‘I didn’t know you were allowed to make people laugh at a poetry reading’ | Interview with Jennifer Knox

'I didn't know you were allowed to make people laugh at a poetry reading' | Interview with Jennifer Knox


Jennifer is the author of four books of poems. The New York Times Book Review said her latest, Days of Shame and Failure, “hits, with deceptive ease, all the poetic marks a reader could want: intellectual curiosity, emotional impact, beautiful language, surprising revelation and arresting imagery.” Her first three books of poems are The Mystery of the Hidden Driveway, Drunk by Noon and A Gringo Like Me.



Who have been the biggest poetic influences on your work throughout your career?

James Tate, certainly. I saw him read in Iowa City, and everyone was cracking up. I didn’t know you were allowed to make people laugh at a poetry reading. Before JT, I fell in love with Lucille Clifton and the very unfunny Richard Hugo—a “Big Balls” poet (as my poet friend calls him).

The Critical Flame wrote of your work that your ‘humour is the kind of funny which is surprising, generous, and vulnerable and which demands generosity and vulnerability from the reader.’ What is your approach to humour in your writing process? How important is the vulnerability of both the reader and writer to the humour in your work?

There are different kids of humour; I traffic in the incongruity theory that attempts to subvert the expectations of the reader. Some (most?) people don’t like to have their expectations subverted—they’re like, “What the fuck?! This isn’t what I ordered!”  To engineer surprise, I have to be open to surprising myself, which is vulnerability. Sometimes, I’m surprised by what a complete shit I am. Then I have to go be surprised by something else—like the convoluted beauty in my 87-year-old mother’s elliptical ramblings. The reader doesn’t know what I’m going to do, and neither do I. Leaning down to read a poem and making it all the way to the end is the ultimate act of vulnerability. Who knows what’s in that poem! The last line could say, “Here’s a secret you don’t know: your father killed your twin sister,” but I’d never (probably would not*) do that. I’d (probably*) say, “My father killed my twin sister,” or, even better, “I killed my twin sister.” I often write in persona which gives both me and the reader a distance from the surprise and our vulnerability: “It’s OK. This isn’t real.”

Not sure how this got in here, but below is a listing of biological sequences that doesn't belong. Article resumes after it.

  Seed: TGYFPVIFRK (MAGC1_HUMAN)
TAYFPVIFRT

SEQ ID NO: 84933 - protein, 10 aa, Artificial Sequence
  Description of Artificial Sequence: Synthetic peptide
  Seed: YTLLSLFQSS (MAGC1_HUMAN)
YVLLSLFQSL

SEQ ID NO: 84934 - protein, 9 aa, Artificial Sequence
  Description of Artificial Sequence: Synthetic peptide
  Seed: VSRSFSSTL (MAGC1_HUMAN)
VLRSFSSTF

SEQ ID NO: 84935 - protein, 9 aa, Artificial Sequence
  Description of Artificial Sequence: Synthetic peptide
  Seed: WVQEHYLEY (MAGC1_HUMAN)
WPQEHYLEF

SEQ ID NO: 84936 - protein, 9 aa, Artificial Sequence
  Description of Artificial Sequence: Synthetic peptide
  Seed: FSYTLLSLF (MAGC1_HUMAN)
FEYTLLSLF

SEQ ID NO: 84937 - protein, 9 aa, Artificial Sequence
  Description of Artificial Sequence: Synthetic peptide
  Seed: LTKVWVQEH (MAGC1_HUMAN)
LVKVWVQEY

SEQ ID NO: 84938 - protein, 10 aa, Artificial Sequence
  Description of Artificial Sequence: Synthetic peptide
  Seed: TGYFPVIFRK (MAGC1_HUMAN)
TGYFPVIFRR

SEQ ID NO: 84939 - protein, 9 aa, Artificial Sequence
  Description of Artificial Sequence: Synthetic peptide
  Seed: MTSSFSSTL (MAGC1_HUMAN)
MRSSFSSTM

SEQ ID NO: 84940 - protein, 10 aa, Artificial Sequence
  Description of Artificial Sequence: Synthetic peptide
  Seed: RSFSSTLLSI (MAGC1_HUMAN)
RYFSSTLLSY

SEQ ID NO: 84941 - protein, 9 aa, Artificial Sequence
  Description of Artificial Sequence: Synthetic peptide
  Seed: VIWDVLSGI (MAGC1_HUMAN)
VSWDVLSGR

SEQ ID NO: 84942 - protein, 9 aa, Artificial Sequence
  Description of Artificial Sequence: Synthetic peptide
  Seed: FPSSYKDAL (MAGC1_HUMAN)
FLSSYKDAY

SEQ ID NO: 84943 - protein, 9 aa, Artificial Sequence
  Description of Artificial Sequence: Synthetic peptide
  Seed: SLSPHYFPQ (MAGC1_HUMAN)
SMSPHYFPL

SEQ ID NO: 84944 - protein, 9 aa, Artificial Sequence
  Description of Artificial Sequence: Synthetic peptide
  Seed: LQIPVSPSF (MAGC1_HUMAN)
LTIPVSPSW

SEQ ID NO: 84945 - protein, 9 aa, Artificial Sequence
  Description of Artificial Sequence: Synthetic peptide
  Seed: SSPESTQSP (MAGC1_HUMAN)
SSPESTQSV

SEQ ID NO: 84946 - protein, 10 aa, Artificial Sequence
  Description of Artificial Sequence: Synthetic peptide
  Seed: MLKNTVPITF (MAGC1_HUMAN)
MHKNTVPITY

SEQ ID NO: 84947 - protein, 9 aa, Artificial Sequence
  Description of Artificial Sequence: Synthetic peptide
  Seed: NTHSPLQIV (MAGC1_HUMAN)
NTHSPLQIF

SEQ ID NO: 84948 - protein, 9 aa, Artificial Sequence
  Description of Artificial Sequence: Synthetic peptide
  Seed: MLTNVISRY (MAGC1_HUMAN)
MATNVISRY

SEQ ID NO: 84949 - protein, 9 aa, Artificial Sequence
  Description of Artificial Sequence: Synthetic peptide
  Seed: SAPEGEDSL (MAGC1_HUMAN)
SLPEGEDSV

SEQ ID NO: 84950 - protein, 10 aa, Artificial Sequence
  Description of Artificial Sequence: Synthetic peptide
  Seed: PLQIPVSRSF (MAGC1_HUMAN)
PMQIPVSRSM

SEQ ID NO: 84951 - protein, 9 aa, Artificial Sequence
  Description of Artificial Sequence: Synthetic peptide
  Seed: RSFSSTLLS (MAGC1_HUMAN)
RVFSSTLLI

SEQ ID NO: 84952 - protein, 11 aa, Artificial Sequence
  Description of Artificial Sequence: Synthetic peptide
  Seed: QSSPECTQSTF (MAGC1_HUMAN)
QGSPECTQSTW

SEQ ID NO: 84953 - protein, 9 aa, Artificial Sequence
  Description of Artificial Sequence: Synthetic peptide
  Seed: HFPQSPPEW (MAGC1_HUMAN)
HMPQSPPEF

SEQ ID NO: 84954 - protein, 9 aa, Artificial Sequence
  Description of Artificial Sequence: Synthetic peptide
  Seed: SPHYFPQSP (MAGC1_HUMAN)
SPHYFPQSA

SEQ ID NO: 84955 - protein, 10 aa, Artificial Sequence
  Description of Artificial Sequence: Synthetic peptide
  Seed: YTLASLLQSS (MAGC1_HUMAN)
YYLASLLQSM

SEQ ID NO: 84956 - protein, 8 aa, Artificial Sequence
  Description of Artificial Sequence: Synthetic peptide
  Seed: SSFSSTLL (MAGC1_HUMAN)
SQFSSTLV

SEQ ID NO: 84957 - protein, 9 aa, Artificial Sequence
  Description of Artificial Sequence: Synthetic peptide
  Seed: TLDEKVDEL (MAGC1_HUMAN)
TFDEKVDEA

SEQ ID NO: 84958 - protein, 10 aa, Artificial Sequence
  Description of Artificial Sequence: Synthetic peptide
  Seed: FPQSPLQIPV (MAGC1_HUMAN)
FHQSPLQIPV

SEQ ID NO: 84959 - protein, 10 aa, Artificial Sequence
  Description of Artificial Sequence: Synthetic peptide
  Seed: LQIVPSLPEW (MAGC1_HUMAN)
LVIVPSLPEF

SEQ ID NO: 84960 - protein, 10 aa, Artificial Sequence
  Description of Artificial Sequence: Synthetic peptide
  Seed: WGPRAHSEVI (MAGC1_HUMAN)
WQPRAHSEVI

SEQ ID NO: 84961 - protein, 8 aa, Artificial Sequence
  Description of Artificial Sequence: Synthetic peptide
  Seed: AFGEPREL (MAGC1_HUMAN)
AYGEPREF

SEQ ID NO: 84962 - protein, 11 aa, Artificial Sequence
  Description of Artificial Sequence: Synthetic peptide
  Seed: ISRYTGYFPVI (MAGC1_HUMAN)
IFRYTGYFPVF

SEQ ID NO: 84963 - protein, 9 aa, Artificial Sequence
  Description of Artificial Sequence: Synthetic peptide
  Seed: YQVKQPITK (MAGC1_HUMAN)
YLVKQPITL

How influential has TV and Film been on your work? Are there any particular shows/films that you revisit in the writing process?

It’s as influential as poetry—maybe more, because the silence in poetry is signified by words or their absence. In a poem, you don’t see someone choosing to say nothing. You have to be told with words that’s what’s happening. I just realized that I try to recreate moments that are without words in a poem made of words. I especially love westerns. Sometimes I need to rewatch the opening credits of McCabe and Mrs. Miller over and over and cry and cry. [Don’t mind if I do!]

In an essay for the Washing Post you wrote that ‘Without readers, we’re just typing. I’ve written many poems that I would NEVER workshop because, if I workshop a poem, it means I want to hear how my words make people feel.’ Would you be able to talk through a little on how this forms part of your writing process?

Back to the vulnerability. I’ve written hundreds of poems* that, in an attempt to conjure surprise, are gross, mean, stupid, and simply gratuitous. They punched down instead of up, as Chris Rock says. I’ve published many of them, but I eventually learned that they wasted a workshop’s time.

From prose-poetry to more ‘traditional’ rhyming forms, your poetry seems to experiment and utilise different forms. What is your approach to form, or hybrid forms like the prose-poem. Is this something that your conscious of when starting to write a poem?

The content tells me what to do, but it can take awhile, like after I’ve beed editing a poem for a year or more. Form is seeing through reader’s eyes, which is a completely different skill from generative writing—that’s me talking to myself.

What are you reading at the minute?

The collected stories of Lydia Davis

What next for you work?

Crushing It, Copper Canyon, Fall 2020, and a culinary memoir.

Where can readers find your work?

It looks like Amazon UK has the books, but that sounds corporate and icky. I’d love to know if small book sellers carry it.

Jennifer Website: https://www.jenniferlknox.com
Jennifer Knox books can be purchased here

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